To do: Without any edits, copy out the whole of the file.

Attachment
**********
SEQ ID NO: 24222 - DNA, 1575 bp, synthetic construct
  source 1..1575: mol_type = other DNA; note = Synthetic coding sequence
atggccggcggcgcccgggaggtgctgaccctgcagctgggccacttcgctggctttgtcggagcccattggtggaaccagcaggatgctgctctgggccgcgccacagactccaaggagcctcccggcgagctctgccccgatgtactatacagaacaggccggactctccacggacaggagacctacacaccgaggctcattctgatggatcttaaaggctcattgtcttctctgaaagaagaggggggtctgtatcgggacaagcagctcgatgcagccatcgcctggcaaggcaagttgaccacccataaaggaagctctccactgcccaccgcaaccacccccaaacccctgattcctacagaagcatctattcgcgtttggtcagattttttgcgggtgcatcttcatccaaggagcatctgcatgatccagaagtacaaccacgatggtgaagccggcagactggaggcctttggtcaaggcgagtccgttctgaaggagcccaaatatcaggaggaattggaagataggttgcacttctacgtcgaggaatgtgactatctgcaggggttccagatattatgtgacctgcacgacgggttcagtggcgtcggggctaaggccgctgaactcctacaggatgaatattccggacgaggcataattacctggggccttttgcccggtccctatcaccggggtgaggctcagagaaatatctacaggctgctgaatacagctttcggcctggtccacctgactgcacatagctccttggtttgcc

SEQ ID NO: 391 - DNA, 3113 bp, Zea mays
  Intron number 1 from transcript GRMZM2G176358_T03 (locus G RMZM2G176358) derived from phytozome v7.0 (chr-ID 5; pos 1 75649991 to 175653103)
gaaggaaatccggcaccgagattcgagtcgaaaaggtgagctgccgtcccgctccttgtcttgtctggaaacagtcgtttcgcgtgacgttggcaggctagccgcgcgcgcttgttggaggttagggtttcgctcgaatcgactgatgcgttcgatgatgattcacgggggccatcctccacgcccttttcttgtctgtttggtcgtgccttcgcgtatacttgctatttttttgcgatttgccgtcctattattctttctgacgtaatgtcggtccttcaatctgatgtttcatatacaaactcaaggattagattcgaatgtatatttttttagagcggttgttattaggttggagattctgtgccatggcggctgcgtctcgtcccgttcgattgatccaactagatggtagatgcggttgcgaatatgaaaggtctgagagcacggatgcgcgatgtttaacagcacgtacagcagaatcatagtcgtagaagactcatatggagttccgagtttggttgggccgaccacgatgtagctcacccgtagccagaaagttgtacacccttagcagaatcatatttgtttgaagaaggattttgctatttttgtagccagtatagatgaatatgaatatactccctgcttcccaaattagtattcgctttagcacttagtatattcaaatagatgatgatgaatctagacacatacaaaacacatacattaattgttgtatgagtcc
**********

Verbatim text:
SEQ ID NO: 24222 - DNA, 1575 bp, synthetic construct
  source 1..1575: mol_type = other DNA; note = Synthetic coding sequence
atggccggcggcgcccgggaggtgctgaccctgcagctgggccacttcgctggctttgtcggagcccattggtggaaccagcaggatgctgctctgggccgcgccacagactccaaggagcctcccggcgagctctgccccgatgtactatacagaacaggccggactctccacggacaggagacctacacaccgaggctcattctgatggatcttaaaggctcattgtcttctctgaaagaagaggggggtctgtatcgggacaagcagctcgatgcagccatcgcctggcaaggcaagttgaccacccataaaggaagctctccactgcccaccgcaaccacccccaaacccctgattcctacagaagcatctattcgcgtttggtcagattttttgcgggtgcatcttcatccaaggagcatctgcatgatccagaagtacaaccacgatggtgaagccggcagactggaggcctttggtcaaggcgagtccgttctgaaggagcccaaatatcaggaggaattggaagataggttgcacttctacgtcgaggaatgtgactatctgcaggggttccagatattatgtgacctgcacgacgggttcagtggcgtcggggctaaggccgctgaactcctacaggatgaatattccggacgaggcataattacctggggccttttgcccggtccctatcaccggggtgaggctcagagaaatatctacaggctgctgaatacagctttcggcctggtccacctgactgcacatagctccttggtttgcc

SEQ ID NO: 391 - DNA, 3113 bp, Zea mays
  Intron number 1 from transcript GRMZM2G176358_T03 (locus G RMZM2G176358) derived from phytozome v7.0 (chr-ID 5; pos 1 75649991 to 175653103)
gaaggaaatccggcaccgagattcgagtcgaaaaggtgagctgccgtcccgctccttgtcttgtctggaaacagtcgtttcgcgtgacgttggcaggctagccgcgcgcgcttgttggaggttagggtttcgctcgaatcgactgatgcgttcgatgatgattcacgggggccatcctccacgcccttttcttgtctgtttggtcgtgccttcgcgtatacttgctatttttttgcgatttgccgtcctattattctttctgacgtaatgtcggtccttcaatctgatgtttcatatacaaactcaaggattagattcgaatgtatatttttttagagcggttgttattaggttggagattctgtgccatggcggctgcgtctcgtcccgttcgattgatccaactagatggtagatgcggttgcgaatatgaaaggtctgagagcacggatgcgcgatgtttaacagcacgtacagcagaatcatagtcgtagaagactcatatggagttccgagtttggttgggccgaccacgatgtagctcacccgtagccagaaagttgtacacccttagcagaatcatatttgtttgaagaaggattttgctatttttgtagccagtatagatgaatatgaatatactccctgcttcccaaattagtattcgctttagcacttagtatattcaaatagatgatgatgaatctagacacatacaaaacacatacattaattgttgtatgagtcc